Despite the years-long, steady upward march of e-commerce, traditional brands selling luxury fashion products have been slow to invest heavily in online sales. After all, for shoppers considering spending a thousand dollars or more for an item, a shopping experience in luxurious stores is likely more persuasive than viewing digital images on a screen. But COVID-19 has pushed some brands to change because of store closings and consumers staying close to home. Quartz reports that brands have seen online sales grow, among them Prada, Gucci, Saint Laurent, and the world’s largest luxury group, LVMH, which owns Louis Vuitton and Dior. Larger digital investments are ahead.
Online portal launching to help U.S. fashion designers
U.S. fashion designers are getting a digital helping hand. The non-profit Council of Fashion Designers of America has developed an online portal that will help designers manage, publicize, and sell their collections. Called RUNWAY360, the portal will support a range of technology tools to promote their creations, including augmented and virtual reality, 360-degree product views, live video streams, e-commerce, and virtual press conferences. Anyone worldwide — for example, shoppers, retailers, and media — will have access. The portal is scheduled to go live for New York Fashion Week, scheduled Sept. 14-16. FashionUnited has more details.
Scientists trying to grow colorful cotton to eliminate toxic dyes
Imagine driving past a cotton field and seeing not the white fluffy balls atop acres of plants but a rainbow of colors, colors that will become the clothes you wear. If Australian scientists are successful, toxic dyes won’t be needed to color cotton fabric, eliminating a source of pollution that has long plagued the industry. They’ve already grown colorful, genetically modified cotton tissues in petri dishes, according to Fast Company. Next step: grow the tissues into flowering plants. Red, gold, and purple cotton tissues have been bred in the lab, as well as black. It’s black dyes that are the most polluting. A key threshold ahead is whether the lab work can produce viable seeds.
Apparel retailers turn to curbside pickup to increase sales
Apparel retail stores, battling to regain business during the pandemic, increasingly are luring shoppers with curbside pickup for online orders. Store chains are leading the way. The appeal for shoppers is avoiding shipping costs and the ability to get items sooner, all while not risking their health. Digital Commerce 360, which compiles competitive e-commerce and other data, surveyed companies on its list of 250 top apparel retailers and found that 34.1% offered pickup service in June. That compares to 1.6% in January. Shoe retailer DSW, which operates 650 stores, reported that curbside pickup as a percent of sales is growing daily. But will the service continue after the pandemic?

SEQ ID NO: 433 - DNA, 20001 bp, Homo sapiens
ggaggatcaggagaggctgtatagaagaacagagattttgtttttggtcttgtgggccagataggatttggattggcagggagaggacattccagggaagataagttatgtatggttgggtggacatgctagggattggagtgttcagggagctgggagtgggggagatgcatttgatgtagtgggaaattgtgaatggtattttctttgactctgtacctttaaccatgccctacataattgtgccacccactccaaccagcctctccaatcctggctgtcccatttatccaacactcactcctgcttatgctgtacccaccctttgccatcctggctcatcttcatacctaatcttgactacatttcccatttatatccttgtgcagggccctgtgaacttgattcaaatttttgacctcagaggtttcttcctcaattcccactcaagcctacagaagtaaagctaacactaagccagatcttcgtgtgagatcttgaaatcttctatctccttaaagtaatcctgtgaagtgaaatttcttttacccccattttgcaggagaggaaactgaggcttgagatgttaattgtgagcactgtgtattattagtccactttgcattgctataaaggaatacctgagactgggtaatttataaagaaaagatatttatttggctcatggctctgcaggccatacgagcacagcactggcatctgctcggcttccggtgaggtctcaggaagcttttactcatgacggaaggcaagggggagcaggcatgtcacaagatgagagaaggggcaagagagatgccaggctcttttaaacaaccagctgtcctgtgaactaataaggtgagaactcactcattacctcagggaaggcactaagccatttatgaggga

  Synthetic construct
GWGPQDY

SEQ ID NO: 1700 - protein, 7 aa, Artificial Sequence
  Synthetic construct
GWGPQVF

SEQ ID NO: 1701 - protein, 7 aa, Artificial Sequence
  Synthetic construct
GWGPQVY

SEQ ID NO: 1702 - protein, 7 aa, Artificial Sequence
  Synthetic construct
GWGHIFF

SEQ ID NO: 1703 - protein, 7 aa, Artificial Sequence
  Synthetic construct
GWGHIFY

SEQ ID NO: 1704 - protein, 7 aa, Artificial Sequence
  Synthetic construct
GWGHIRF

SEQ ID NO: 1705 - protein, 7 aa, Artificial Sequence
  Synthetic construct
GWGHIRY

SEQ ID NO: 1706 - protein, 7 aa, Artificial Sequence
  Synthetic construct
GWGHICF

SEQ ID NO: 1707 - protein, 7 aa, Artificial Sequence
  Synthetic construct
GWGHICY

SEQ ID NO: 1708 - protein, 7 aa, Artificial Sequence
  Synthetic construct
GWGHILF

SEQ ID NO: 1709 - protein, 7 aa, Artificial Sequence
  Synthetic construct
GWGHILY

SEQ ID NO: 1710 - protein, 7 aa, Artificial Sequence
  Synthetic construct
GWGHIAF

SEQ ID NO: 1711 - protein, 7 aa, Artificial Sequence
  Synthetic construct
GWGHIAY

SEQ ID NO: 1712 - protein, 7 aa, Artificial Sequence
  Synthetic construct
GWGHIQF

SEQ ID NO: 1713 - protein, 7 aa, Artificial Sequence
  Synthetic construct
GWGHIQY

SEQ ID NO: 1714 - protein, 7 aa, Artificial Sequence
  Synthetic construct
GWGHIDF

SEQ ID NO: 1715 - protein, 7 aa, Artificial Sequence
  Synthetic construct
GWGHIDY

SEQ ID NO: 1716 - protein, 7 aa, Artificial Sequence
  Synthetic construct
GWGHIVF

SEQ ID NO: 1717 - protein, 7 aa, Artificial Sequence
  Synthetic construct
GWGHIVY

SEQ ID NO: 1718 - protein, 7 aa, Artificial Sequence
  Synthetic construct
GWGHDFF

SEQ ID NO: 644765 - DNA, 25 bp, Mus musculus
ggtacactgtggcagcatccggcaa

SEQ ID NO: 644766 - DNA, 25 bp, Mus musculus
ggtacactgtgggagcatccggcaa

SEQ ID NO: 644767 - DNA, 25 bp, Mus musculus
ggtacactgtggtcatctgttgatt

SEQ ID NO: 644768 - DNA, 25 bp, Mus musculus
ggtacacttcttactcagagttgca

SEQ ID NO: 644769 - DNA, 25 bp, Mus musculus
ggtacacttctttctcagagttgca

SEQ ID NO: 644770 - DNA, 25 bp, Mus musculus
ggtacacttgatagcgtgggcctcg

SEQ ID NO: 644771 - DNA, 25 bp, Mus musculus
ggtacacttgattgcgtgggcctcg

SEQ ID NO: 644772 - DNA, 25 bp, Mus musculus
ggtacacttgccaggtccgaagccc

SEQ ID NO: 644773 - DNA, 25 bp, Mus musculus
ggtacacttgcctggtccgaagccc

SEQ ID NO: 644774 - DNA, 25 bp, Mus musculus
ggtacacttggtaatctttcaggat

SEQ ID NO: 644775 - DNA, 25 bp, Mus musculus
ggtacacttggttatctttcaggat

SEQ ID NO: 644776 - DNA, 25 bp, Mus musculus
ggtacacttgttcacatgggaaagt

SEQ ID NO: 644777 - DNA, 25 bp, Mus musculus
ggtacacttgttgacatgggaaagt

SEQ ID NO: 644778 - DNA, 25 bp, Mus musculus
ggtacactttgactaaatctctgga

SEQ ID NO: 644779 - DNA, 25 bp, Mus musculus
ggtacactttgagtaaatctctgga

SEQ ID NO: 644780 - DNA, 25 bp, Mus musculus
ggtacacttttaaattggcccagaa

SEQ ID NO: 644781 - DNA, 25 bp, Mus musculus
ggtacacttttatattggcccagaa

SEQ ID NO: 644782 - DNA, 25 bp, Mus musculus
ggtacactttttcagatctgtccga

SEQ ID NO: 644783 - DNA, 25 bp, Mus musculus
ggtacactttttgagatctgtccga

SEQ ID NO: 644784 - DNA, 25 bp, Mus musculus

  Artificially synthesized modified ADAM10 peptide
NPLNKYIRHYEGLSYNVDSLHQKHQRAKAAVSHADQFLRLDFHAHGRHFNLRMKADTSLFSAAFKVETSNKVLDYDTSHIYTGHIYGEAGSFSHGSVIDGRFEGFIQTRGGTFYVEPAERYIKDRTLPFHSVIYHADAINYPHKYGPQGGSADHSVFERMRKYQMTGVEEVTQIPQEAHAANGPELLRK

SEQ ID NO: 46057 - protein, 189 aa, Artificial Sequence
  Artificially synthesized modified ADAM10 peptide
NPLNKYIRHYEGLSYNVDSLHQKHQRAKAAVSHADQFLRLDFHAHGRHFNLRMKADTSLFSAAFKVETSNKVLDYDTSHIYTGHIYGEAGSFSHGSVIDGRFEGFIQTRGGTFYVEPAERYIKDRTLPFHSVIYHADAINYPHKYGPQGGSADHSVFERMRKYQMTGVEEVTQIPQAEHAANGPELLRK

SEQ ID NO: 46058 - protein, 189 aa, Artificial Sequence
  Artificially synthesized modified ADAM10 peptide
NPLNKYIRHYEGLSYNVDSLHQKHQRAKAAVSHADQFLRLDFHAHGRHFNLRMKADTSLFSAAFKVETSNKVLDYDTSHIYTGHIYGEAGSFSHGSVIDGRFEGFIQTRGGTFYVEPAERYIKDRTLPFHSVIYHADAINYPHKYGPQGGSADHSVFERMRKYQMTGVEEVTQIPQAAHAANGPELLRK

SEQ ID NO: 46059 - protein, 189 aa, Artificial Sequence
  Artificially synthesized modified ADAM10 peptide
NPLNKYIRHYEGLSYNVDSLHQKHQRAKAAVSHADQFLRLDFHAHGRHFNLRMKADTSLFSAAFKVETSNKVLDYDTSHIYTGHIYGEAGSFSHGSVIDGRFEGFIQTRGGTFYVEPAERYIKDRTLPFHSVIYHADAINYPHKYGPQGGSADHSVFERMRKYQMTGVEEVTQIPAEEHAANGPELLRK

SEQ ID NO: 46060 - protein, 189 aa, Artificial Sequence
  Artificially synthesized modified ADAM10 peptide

How is recovering China faring as other countries struggle
What happens in China is hard to ignore if you’re in the apparel and footwear industry, no matter your country. This is especially true today given the pandemic’s pendulum swing in China, from draconian quarantines, business shutdowns, and supply chain disruptions to recovery still underway. The ripple effects are still felt there and around the world. That said, how is China emerging from the pandemic? Is it a harbinger for other countries like the U.S. still beset with dire outbreaks? How are these problems outside China still affecting the industry there? FashionUnited’s Q&A with the head of the China National Garment Association, Chen Dapeng, offers a broad assessment.
Technology challenge: 3D fashion and lack of interoperability
Writing for a leading online industry magazine, Embodee has examined a key issue facing the fashion industry as its embrace of digitization technologies tightens. The issue is interoperability, or lack thereof, for 3D design and the display of virtual products. As technology innovations are unveiled to solve problems and improve operations, it’s not unusual for new problems to emerge in their wake. That’s the case with the development of 3D design tools for apparel and footwear, a watershed development. But, as we wrote for WhichPLM, unfortunately not all stakeholders can use the 3D visual elements to their fullest potential, yet. Learn more, including our solution.